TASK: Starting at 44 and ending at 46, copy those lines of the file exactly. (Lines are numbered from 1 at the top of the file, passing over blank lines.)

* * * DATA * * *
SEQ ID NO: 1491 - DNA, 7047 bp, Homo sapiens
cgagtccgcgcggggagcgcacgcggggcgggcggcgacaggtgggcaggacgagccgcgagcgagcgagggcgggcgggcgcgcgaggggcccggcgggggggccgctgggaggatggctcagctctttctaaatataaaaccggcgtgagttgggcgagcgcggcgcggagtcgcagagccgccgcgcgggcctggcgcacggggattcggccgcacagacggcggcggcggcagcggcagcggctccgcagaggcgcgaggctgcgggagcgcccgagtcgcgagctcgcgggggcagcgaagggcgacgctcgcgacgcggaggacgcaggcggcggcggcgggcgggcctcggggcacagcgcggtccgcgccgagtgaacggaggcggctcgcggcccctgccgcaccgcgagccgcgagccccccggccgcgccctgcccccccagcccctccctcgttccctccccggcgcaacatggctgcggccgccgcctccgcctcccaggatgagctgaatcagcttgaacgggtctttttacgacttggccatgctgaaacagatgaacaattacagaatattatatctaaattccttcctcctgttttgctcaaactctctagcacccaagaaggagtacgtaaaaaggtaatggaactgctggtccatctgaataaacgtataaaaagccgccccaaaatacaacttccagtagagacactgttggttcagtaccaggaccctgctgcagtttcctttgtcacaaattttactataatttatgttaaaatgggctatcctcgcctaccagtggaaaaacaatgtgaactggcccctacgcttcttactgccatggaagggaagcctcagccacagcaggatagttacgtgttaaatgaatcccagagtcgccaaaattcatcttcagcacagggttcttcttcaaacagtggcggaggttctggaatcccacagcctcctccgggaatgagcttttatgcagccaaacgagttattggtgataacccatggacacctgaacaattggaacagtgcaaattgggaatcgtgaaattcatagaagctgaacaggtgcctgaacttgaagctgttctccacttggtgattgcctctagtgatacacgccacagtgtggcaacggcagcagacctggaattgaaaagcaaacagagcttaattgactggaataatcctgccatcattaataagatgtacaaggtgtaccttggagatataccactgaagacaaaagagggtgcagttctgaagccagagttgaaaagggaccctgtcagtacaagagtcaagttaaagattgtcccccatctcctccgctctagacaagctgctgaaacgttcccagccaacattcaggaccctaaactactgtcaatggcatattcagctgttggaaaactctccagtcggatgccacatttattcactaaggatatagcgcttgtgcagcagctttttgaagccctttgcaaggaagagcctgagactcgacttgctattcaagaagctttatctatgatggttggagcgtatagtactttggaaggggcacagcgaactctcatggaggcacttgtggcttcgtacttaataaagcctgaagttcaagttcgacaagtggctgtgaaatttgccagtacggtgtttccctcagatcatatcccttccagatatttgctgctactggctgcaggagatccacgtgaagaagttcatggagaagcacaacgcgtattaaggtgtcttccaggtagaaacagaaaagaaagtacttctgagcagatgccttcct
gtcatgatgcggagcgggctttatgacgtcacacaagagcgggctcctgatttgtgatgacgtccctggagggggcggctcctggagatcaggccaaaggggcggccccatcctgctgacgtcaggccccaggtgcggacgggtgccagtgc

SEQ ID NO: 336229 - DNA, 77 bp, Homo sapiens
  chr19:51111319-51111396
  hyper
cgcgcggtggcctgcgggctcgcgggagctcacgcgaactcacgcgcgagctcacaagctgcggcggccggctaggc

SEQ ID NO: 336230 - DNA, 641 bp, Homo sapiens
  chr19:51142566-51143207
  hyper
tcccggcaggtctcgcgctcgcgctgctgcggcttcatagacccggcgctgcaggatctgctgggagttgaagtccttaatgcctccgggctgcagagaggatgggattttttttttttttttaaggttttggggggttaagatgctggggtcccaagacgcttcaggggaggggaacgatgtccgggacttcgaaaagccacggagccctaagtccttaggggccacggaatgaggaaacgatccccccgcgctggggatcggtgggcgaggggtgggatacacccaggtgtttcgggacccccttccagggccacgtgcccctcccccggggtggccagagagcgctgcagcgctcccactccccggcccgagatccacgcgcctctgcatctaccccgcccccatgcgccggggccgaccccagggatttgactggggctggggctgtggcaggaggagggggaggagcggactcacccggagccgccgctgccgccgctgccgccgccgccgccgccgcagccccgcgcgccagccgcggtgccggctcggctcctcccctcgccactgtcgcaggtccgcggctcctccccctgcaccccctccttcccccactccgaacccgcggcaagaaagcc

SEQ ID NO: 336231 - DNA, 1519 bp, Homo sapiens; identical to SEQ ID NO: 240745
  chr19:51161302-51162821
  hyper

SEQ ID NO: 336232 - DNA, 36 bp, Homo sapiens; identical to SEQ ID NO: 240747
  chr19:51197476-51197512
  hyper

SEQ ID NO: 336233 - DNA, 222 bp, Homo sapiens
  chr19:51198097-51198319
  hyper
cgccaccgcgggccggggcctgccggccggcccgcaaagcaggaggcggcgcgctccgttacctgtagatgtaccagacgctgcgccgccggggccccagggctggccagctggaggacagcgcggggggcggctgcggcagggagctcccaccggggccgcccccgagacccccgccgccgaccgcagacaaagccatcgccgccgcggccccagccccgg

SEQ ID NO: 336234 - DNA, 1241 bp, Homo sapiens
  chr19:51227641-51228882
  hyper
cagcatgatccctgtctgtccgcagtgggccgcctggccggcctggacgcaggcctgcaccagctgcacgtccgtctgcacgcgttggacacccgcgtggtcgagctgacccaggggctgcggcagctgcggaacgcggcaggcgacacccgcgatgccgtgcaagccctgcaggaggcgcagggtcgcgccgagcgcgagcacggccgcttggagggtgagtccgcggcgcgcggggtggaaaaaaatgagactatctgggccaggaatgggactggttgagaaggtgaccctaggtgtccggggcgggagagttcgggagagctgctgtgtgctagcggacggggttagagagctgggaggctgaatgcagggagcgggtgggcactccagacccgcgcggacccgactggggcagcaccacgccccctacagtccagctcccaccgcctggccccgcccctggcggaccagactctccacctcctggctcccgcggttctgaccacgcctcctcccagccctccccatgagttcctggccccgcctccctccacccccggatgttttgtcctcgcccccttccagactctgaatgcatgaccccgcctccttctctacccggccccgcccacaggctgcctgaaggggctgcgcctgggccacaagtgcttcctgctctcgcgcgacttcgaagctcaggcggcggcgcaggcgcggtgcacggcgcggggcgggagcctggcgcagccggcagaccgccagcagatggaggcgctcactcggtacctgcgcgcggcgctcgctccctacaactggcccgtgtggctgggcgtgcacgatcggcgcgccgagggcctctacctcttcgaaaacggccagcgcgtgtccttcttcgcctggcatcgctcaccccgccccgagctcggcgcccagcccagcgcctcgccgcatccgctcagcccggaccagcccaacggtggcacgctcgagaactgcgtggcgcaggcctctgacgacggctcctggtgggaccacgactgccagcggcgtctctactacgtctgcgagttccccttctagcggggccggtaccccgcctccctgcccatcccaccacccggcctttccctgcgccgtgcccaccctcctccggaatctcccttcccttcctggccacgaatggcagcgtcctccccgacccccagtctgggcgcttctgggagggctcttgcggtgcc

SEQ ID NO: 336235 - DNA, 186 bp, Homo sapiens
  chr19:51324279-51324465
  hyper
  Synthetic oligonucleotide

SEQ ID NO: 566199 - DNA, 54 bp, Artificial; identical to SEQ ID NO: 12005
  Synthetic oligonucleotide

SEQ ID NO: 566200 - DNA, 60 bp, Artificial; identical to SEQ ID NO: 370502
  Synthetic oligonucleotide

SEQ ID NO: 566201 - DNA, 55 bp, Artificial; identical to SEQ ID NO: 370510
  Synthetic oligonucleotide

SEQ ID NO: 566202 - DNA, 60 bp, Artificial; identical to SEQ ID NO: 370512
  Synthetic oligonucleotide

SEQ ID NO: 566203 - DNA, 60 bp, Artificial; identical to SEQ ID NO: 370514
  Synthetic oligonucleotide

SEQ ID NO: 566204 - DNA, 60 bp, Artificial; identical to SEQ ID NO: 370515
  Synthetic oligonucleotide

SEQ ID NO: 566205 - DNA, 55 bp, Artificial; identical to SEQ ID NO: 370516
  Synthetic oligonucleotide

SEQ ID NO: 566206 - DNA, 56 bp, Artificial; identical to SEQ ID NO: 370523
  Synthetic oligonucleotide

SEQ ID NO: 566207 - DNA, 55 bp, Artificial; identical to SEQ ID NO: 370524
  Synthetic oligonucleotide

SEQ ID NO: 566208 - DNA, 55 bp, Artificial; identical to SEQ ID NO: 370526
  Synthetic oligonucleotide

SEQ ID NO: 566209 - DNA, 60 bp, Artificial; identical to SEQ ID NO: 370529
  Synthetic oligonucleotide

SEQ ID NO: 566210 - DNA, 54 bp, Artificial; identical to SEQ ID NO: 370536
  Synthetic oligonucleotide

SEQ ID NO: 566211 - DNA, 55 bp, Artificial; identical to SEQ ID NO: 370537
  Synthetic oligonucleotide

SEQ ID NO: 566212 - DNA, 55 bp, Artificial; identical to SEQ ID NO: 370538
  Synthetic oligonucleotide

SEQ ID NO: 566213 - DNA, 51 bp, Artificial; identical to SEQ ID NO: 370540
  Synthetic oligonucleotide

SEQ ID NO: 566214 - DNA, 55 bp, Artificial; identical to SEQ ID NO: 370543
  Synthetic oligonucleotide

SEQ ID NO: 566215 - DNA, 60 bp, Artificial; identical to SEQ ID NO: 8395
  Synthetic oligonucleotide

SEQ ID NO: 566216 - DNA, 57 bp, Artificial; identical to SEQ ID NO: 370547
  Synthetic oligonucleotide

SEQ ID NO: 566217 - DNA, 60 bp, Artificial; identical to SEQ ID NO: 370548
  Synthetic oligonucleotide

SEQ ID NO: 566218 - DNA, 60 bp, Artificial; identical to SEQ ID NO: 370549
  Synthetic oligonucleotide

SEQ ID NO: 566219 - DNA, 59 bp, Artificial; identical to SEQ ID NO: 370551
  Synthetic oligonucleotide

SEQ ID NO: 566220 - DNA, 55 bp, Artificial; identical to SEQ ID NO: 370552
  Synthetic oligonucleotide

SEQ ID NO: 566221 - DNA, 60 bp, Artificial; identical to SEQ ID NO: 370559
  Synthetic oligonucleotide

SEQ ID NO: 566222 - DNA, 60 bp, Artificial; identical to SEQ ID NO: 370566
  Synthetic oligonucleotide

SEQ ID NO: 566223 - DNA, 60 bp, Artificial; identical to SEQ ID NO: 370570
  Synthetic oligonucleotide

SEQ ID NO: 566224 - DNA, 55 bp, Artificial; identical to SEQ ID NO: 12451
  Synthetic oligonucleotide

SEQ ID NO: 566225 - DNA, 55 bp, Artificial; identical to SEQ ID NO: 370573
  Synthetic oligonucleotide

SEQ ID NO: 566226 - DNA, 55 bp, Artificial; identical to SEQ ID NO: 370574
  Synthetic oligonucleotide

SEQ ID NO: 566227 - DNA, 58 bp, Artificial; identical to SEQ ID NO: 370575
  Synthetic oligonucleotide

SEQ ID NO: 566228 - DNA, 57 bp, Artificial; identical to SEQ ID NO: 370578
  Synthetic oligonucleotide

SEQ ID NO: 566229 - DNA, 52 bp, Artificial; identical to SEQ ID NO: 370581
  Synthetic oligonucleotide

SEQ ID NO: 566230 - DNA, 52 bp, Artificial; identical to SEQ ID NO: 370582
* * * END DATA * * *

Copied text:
SEQ ID NO: 566206 - DNA, 56 bp, Artificial; identical to SEQ ID NO: 370523
  Synthetic oligonucleotide

SEQ ID NO: 566207 - DNA, 55 bp, Artificial; identical to SEQ ID NO: 370524